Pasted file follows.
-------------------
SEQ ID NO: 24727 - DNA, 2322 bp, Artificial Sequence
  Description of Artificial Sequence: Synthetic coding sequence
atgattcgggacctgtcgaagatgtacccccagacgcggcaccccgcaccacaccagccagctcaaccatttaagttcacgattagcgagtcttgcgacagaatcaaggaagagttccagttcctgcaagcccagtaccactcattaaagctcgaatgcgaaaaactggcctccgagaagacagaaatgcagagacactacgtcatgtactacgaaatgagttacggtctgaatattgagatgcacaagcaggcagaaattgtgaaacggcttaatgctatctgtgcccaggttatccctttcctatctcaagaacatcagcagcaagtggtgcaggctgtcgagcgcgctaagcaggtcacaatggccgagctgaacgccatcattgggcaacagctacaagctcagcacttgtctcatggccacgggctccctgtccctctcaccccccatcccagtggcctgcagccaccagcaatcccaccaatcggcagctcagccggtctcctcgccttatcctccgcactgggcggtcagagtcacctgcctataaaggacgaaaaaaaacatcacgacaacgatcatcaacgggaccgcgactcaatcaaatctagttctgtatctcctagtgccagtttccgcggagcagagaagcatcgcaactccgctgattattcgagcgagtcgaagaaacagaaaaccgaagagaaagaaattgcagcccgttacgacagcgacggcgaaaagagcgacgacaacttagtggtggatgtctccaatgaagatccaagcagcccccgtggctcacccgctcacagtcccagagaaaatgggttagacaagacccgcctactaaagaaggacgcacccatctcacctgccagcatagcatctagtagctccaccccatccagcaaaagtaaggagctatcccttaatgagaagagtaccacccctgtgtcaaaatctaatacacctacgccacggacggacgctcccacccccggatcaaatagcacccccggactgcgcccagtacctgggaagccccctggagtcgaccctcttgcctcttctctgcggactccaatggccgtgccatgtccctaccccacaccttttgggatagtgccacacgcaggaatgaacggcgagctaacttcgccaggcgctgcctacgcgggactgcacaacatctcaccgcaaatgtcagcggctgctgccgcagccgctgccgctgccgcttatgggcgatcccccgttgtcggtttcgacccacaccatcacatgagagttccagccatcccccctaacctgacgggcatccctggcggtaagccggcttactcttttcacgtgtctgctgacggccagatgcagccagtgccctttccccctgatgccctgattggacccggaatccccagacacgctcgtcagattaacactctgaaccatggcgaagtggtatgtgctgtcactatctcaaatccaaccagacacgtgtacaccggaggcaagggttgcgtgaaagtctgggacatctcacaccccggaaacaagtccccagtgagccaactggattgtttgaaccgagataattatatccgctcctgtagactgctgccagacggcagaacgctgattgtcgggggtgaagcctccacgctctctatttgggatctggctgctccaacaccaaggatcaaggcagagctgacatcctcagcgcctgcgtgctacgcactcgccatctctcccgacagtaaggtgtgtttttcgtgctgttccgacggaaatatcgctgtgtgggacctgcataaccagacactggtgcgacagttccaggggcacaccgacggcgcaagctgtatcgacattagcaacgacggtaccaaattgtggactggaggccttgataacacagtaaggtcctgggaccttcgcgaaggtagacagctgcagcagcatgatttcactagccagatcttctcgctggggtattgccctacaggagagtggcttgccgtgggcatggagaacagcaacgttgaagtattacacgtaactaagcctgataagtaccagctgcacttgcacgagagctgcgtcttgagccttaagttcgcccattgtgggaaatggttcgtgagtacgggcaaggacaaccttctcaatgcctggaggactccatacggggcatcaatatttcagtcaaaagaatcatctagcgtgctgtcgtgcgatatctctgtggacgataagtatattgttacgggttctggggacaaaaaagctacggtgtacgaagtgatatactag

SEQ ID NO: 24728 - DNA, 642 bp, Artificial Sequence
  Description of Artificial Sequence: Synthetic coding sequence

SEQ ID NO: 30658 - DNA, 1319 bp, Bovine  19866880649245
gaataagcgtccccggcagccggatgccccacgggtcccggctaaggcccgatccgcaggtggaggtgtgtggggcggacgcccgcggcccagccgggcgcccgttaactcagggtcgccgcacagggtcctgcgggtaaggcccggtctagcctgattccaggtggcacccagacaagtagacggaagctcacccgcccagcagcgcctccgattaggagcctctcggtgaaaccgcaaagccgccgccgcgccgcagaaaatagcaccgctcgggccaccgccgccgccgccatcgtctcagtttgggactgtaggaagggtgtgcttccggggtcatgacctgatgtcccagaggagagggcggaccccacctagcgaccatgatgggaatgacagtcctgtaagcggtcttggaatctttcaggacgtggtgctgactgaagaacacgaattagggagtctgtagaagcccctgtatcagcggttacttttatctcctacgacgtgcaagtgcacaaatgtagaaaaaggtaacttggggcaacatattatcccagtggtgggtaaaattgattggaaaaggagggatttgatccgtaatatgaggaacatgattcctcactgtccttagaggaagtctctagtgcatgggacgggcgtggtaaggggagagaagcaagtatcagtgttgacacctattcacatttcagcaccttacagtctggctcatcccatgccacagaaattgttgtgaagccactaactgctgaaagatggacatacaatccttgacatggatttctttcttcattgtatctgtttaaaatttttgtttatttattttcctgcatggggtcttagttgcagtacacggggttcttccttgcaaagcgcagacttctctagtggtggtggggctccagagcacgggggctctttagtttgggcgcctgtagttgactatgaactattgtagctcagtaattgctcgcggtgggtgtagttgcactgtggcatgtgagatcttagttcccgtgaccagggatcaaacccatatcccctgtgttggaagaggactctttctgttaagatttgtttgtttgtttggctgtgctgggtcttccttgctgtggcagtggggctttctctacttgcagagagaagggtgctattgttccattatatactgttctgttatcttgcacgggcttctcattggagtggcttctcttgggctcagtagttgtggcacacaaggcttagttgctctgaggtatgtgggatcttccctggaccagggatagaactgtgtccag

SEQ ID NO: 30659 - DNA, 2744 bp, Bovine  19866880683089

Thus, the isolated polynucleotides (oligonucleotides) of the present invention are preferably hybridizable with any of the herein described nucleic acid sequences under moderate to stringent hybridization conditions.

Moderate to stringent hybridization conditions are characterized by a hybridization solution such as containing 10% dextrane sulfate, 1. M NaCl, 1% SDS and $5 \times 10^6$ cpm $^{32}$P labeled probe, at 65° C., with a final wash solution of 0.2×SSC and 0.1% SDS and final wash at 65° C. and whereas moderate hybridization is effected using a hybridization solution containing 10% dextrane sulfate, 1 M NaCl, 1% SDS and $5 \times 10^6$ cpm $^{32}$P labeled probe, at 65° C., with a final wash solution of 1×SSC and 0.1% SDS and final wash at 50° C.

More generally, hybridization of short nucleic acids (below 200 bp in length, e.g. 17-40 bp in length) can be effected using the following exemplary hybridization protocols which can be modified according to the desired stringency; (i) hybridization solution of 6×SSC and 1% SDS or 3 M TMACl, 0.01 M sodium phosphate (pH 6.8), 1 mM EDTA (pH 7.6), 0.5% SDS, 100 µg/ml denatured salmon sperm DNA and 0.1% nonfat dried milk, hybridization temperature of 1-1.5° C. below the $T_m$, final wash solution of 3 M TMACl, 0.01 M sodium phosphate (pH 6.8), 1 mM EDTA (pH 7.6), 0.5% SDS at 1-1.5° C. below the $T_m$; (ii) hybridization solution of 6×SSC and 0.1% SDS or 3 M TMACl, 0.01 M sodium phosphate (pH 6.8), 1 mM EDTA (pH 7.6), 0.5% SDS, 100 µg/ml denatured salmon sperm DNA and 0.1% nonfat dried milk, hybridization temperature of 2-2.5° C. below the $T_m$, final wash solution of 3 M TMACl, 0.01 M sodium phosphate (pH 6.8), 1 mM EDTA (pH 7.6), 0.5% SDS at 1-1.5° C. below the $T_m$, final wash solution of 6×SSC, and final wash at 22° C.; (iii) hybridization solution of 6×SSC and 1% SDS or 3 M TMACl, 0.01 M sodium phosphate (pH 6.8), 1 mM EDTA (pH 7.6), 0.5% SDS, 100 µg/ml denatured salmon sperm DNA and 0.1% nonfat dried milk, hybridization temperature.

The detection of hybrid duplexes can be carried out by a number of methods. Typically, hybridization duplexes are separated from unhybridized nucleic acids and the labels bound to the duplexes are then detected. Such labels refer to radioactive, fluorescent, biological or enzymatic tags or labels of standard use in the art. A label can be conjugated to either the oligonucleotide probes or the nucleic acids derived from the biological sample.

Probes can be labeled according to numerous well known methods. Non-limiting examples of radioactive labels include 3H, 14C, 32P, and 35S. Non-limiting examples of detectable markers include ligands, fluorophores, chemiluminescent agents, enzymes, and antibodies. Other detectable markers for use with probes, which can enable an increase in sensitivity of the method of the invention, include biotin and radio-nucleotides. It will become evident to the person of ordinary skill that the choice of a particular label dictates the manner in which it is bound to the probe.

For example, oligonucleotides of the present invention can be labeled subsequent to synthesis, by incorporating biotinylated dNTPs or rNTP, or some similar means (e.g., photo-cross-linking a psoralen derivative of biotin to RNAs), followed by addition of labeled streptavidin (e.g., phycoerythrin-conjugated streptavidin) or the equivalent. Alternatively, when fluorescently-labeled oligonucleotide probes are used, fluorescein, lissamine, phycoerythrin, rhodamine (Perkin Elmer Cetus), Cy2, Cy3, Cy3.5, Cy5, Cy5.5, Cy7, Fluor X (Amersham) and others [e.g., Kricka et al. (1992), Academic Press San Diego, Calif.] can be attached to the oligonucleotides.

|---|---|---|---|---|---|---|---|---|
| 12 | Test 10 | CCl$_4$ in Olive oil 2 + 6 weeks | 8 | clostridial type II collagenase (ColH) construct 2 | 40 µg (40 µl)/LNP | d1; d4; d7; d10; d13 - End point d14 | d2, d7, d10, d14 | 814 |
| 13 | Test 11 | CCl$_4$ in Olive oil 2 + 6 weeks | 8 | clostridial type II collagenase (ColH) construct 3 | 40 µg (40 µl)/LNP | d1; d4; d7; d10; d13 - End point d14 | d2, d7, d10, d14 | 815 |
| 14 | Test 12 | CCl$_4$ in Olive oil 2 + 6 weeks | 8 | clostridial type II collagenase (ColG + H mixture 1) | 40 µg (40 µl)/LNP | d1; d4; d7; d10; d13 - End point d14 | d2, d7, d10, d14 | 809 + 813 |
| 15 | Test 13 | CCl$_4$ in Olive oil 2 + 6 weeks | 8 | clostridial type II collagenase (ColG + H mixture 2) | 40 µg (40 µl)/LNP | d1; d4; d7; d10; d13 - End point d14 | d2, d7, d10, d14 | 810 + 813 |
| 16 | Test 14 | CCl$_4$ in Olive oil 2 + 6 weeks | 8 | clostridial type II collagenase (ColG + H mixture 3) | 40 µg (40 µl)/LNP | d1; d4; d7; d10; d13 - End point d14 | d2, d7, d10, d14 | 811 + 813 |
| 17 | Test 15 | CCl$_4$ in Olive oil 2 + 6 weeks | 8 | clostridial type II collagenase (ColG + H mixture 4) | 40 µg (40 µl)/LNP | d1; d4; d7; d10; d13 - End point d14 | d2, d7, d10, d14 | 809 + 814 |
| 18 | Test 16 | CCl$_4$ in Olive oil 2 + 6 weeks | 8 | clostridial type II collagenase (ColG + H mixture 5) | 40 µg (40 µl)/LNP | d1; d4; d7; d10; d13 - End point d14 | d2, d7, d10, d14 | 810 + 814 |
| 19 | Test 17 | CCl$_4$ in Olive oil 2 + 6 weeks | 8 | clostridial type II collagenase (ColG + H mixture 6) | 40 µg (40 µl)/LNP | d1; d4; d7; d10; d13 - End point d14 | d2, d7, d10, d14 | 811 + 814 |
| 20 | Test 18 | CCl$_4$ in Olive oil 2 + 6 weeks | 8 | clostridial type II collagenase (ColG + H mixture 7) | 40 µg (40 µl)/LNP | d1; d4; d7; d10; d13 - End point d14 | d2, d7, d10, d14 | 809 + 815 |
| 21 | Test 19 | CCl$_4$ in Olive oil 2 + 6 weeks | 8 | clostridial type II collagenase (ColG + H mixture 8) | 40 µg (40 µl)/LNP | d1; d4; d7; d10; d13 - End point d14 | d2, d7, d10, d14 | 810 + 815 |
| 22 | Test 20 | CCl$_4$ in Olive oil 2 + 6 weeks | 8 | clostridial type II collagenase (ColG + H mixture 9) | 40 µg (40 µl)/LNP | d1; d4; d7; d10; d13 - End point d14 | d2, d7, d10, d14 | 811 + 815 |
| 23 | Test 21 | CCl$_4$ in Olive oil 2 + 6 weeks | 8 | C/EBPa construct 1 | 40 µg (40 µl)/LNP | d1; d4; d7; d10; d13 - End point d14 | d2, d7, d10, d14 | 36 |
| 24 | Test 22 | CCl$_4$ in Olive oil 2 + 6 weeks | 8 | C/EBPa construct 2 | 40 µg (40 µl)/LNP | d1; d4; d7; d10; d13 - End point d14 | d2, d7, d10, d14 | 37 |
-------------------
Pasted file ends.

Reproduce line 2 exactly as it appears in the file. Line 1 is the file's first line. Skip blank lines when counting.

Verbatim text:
  Description of Artificial Sequence: Synthetic coding sequence